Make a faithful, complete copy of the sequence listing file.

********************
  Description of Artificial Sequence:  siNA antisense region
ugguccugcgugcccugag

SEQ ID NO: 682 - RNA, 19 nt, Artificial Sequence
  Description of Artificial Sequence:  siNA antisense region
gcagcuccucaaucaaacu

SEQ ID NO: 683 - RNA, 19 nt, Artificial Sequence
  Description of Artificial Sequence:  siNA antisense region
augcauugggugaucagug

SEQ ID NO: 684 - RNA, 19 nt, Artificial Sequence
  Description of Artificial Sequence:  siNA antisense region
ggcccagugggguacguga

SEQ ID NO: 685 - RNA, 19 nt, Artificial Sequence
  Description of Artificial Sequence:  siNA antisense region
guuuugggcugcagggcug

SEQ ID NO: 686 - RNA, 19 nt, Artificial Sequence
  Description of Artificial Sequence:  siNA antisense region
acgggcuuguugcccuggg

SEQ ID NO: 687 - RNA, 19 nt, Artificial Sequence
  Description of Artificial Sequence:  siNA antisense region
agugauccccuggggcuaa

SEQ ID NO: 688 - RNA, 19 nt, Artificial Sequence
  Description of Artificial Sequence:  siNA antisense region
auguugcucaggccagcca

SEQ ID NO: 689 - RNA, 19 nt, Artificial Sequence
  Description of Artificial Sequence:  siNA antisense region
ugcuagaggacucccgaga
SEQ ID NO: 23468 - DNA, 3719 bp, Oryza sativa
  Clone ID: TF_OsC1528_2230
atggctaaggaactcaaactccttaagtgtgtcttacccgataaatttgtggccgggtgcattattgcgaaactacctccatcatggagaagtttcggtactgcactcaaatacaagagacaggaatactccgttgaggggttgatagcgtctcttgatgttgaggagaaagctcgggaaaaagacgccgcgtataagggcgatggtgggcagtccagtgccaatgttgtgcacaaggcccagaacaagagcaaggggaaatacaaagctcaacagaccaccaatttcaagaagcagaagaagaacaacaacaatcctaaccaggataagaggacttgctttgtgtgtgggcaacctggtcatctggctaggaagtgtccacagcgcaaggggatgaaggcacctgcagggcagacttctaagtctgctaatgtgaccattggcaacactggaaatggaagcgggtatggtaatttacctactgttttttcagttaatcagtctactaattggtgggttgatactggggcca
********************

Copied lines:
  Description of Artificial Sequence:  siNA antisense region
ugguccugcgugcccugag

SEQ ID NO: 682 - RNA, 19 nt, Artificial Sequence
  Description of Artificial Sequence:  siNA antisense region
gcagcuccucaaucaaacu

SEQ ID NO: 683 - RNA, 19 nt, Artificial Sequence
  Description of Artificial Sequence:  siNA antisense region
augcauugggugaucagug

SEQ ID NO: 684 - RNA, 19 nt, Artificial Sequence
  Description of Artificial Sequence:  siNA antisense region
ggcccagugggguacguga

SEQ ID NO: 685 - RNA, 19 nt, Artificial Sequence
  Description of Artificial Sequence:  siNA antisense region
guuuugggcugcagggcug

SEQ ID NO: 686 - RNA, 19 nt, Artificial Sequence
  Description of Artificial Sequence:  siNA antisense region
acgggcuuguugcccuggg

SEQ ID NO: 687 - RNA, 19 nt, Artificial Sequence
  Description of Artificial Sequence:  siNA antisense region
agugauccccuggggcuaa

SEQ ID NO: 688 - RNA, 19 nt, Artificial Sequence
  Description of Artificial Sequence:  siNA antisense region
auguugcucaggccagcca

SEQ ID NO: 689 - RNA, 19 nt, Artificial Sequence
  Description of Artificial Sequence:  siNA antisense region
ugcuagaggacucccgaga
SEQ ID NO: 23468 - DNA, 3719 bp, Oryza sativa
  Clone ID: TF_OsC1528_2230
atggctaaggaactcaaactccttaagtgtgtcttacccgataaatttgtggccgggtgcattattgcgaaactacctccatcatggagaagtttcggtactgcactcaaatacaagagacaggaatactccgttgaggggttgatagcgtctcttgatgttgaggagaaagctcgggaaaaagacgccgcgtataagggcgatggtgggcagtccagtgccaatgttgtgcacaaggcccagaacaagagcaaggggaaatacaaagctcaacagaccaccaatttcaagaagcagaagaagaacaacaacaatcctaaccaggataagaggacttgctttgtgtgtgggcaacctggtcatctggctaggaagtgtccacagcgcaaggggatgaaggcacctgcagggcagacttctaagtctgctaatgtgaccattggcaacactggaaatggaagcgggtatggtaatttacctactgttttttcagttaatcagtctactaattggtgggttgatactggggcca